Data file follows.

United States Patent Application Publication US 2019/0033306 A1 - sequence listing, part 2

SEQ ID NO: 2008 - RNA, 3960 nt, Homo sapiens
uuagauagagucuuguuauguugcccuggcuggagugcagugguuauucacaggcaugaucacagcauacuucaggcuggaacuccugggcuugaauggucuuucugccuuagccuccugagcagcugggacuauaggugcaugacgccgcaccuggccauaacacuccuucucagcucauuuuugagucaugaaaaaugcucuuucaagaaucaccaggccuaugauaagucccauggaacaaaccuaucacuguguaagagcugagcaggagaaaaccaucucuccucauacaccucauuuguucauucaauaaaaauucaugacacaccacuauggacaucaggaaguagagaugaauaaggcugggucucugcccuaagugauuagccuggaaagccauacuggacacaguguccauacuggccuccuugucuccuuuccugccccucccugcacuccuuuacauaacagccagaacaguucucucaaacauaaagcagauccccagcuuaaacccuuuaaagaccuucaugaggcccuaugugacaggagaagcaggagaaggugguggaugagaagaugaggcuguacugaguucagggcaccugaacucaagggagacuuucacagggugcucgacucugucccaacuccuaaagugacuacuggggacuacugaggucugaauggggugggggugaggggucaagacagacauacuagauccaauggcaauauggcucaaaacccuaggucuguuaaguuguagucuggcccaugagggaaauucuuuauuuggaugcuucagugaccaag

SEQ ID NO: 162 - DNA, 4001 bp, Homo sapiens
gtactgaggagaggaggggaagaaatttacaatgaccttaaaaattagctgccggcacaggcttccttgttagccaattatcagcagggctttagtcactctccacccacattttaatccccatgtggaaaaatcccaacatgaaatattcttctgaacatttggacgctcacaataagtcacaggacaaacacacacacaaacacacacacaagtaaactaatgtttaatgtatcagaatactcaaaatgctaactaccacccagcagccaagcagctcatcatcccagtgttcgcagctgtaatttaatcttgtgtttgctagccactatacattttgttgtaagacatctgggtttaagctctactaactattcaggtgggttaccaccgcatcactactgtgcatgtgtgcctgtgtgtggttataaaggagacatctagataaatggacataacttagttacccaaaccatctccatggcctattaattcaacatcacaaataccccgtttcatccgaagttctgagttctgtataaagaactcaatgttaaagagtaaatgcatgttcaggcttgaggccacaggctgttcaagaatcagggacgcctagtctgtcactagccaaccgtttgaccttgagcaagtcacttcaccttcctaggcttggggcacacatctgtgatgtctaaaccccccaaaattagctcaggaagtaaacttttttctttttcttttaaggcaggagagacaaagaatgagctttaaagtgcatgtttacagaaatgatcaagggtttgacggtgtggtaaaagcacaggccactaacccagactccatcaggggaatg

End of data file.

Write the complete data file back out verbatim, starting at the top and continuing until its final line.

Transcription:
United States Patent Application Publication US 2019/0033306 A1 - sequence listing, part 2

SEQ ID NO: 2008 - RNA, 3960 nt, Homo sapiens
uuagauagagucuuguuauguugcccuggcuggagugcagugguuauucacaggcaugaucacagcauacuucaggcuggaacuccugggcuugaauggucuuucugccuuagccuccugagcagcugggacuauaggugcaugacgccgcaccuggccauaacacuccuucucagcucauuuuugagucaugaaaaaugcucuuucaagaaucaccaggccuaugauaagucccauggaacaaaccuaucacuguguaagagcugagcaggagaaaaccaucucuccucauacaccucauuuguucauucaauaaaaauucaugacacaccacuauggacaucaggaaguagagaugaauaaggcugggucucugcccuaagugauuagccuggaaagccauacuggacacaguguccauacuggccuccuugucuccuuuccugccccucccugcacuccuuuacauaacagccagaacaguucucucaaacauaaagcagauccccagcuuaaacccuuuaaagaccuucaugaggcccuaugugacaggagaagcaggagaaggugguggaugagaagaugaggcuguacugaguucagggcaccugaacucaagggagacuuucacagggugcucgacucugucccaacuccuaaagugacuacuggggacuacugaggucugaauggggugggggugaggggucaagacagacauacuagauccaauggcaauauggcucaaaacccuaggucuguuaaguuguagucuggcccaugagggaaauucuuuauuuggaugcuucagugaccaag

SEQ ID NO: 162 - DNA, 4001 bp, Homo sapiens
gtactgaggagaggaggggaagaaatttacaatgaccttaaaaattagctgccggcacaggcttccttgttagccaattatcagcagggctttagtcactctccacccacattttaatccccatgtggaaaaatcccaacatgaaatattcttctgaacatttggacgctcacaataagtcacaggacaaacacacacacaaacacacacacaagtaaactaatgtttaatgtatcagaatactcaaaatgctaactaccacccagcagccaagcagctcatcatcccagtgttcgcagctgtaatttaatcttgtgtttgctagccactatacattttgttgtaagacatctgggtttaagctctactaactattcaggtgggttaccaccgcatcactactgtgcatgtgtgcctgtgtgtggttataaaggagacatctagataaatggacataacttagttacccaaaccatctccatggcctattaattcaacatcacaaataccccgtttcatccgaagttctgagttctgtataaagaactcaatgttaaagagtaaatgcatgttcaggcttgaggccacaggctgttcaagaatcagggacgcctagtctgtcactagccaaccgtttgaccttgagcaagtcacttcaccttcctaggcttggggcacacatctgtgatgtctaaaccccccaaaattagctcaggaagtaaacttttttctttttcttttaaggcaggagagacaaagaatgagctttaaagtgcatgtttacagaaatgatcaagggtttgacggtgtggtaaaagcacaggccactaacccagactccatcaggggaatg